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  1. #31
    Ken N's Avatar
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    My Olympus gear was my poor man's Nikon. Never could afford the real thing. But it was funny how I adapted myself so deeply into the OM way that eventually the Nikons started to fade away in my mind. The Nikons were, and remain, the best 35mm SLR system, but for me, not best enough to carry two such systems. Like you, I have the OM-3Ti and a few really awesome lenses.

    The Nikon F is a camera unto itself. The Nikon F can never mimic a Leica in usage. But an OM can mimic either the F or a Leica.

    My favorite Nikon model is the F3HP. The old F seems primative in comparison.
    http://www.zone-10.com

    When you turn your camera on, does it return the favor?

  2. #32

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    Quote Originally Posted by philosomatographer View Post
    Ouch!! Unfortunately this real camera does not have compact 21mm f/2.0 or 250mm f/2.0 lenses that fit it like Olympus does, and somewhat noisier, but it is nice indeed... And it makes up for it with other very interesting lens choices.
    I was entirely joking. I was just amused by how you described your shunning of the F system.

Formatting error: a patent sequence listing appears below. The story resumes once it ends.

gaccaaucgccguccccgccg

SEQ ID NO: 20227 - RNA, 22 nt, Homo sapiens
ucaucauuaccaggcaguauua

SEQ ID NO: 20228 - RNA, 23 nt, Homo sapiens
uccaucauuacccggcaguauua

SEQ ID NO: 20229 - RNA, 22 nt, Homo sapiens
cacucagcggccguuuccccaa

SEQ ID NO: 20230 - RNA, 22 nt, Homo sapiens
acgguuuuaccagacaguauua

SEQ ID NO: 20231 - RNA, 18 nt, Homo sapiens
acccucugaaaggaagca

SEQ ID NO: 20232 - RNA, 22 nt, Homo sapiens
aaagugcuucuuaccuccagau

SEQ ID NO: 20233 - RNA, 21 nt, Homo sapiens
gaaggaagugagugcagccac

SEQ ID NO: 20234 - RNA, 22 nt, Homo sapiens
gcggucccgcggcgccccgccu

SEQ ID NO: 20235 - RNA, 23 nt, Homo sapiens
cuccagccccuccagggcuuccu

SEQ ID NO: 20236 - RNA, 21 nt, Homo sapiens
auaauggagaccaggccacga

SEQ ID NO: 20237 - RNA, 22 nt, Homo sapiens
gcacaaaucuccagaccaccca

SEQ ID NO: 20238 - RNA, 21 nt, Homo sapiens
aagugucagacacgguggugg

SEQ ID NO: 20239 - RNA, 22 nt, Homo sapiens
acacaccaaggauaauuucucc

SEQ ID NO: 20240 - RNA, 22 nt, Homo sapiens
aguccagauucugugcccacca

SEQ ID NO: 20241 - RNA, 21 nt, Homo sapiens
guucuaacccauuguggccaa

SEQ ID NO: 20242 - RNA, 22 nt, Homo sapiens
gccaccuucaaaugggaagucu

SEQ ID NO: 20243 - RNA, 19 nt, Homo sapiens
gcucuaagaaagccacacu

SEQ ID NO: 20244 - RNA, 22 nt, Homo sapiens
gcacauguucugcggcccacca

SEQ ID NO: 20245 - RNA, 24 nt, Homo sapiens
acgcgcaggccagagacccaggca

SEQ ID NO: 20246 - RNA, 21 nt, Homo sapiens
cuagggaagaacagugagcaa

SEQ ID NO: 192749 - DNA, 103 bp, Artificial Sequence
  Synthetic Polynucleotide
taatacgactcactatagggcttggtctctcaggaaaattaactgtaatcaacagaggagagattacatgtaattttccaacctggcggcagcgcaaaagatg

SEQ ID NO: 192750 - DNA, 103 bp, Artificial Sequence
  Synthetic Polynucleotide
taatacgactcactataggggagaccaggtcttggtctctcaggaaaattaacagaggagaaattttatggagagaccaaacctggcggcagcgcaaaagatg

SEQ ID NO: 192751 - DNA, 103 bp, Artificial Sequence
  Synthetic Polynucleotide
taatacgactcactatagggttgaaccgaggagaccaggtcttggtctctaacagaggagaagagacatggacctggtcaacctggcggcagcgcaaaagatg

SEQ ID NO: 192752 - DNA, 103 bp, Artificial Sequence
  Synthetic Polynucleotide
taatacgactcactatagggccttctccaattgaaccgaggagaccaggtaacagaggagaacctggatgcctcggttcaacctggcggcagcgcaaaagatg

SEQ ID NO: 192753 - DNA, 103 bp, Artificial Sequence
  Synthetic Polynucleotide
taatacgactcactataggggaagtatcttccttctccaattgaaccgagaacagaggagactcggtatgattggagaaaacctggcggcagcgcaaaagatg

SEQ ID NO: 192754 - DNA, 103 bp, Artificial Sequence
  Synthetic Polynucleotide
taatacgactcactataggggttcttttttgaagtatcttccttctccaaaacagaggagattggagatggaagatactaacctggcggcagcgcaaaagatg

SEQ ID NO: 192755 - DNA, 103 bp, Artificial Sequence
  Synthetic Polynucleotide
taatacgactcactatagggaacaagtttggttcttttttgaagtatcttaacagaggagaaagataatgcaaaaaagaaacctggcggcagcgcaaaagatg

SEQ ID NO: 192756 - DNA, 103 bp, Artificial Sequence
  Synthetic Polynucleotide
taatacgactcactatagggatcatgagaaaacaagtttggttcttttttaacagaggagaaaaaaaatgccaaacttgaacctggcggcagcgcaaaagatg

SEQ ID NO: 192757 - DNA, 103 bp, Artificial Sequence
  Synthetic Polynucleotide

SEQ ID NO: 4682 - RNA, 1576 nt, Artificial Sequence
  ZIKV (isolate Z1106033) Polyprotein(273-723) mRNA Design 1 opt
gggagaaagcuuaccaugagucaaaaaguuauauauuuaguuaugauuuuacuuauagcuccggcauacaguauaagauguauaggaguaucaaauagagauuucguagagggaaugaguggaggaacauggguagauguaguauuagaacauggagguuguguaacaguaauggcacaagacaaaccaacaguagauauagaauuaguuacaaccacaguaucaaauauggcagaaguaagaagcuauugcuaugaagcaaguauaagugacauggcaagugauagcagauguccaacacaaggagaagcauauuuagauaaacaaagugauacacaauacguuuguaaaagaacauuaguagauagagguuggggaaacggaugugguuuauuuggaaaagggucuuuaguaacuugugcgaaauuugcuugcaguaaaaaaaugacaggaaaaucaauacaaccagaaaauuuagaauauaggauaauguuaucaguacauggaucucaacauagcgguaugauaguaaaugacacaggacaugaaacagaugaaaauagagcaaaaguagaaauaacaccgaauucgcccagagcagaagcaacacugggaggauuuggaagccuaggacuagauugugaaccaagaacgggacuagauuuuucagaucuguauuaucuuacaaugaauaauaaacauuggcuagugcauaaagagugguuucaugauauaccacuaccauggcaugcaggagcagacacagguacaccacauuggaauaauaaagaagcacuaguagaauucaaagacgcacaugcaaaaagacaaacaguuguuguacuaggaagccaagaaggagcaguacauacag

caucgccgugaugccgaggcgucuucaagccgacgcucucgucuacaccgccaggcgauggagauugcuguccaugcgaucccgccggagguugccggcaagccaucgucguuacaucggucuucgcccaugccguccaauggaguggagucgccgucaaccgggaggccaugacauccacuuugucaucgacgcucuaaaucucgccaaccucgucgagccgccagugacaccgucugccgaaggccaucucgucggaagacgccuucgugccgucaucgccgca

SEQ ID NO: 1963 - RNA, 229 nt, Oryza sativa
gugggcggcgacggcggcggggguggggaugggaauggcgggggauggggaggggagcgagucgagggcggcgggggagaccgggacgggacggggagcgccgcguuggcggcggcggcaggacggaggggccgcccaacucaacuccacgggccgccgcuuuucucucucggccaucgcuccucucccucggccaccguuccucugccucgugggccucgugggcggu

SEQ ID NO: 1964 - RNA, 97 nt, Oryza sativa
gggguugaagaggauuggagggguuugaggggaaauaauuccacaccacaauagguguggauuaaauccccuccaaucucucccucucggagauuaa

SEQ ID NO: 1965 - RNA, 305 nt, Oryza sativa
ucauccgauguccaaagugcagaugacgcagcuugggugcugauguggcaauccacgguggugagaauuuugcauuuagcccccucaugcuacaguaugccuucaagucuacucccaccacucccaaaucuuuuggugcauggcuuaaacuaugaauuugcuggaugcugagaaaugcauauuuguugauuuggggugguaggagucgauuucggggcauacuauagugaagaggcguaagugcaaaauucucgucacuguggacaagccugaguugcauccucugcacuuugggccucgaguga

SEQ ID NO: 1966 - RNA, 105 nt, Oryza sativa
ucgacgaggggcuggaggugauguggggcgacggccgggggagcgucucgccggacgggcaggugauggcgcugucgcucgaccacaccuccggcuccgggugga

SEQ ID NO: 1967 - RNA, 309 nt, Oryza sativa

2F/2F

    "Truth and love are my law and worship. Form and conscience are my manifestation and guide. Nature and peace are my shelter and companions. Order is my attitude. Beauty and perfection are my attack."

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  3. #33

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    Ken, don't you see the irony in the situation? A Nikon F can be had for just over $100, and we're both using the OM-3Ti - the most desirable and interesting, not to mention amongst the most valuable - mechanical 35mm SLR ever made.

    I have Olympus in my blood - the Nikon F is just an interesting additional choice. Ken, do you agree with my earlier observations - when printing OM negatives, with most lenses, the last couple of millimeters are a bit smeary? It's as if the OM lenses only just have enough image circle to cover the format, to retain their unbeatable compactness and high F numbers. I find it with the 50mm and wider lenses. Event the amazing 21mm f/2.0 has the same behaviour. This is the region that most people crop off, but it's still captured on film. I am sure Olympus had to make some pretty hard decisions to make the OM lenses what they are, and smaller image circle may have been one of them.

    It doesn't matter for most images, of course, but I have a habit of composing right out to the edges.

  4. #34
    benjiboy's Avatar
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    It makes me wonder how much the Nikon F would cost new today, and how many of todays wonder cameras will still be working the majority of them without being repaired in fifty years time.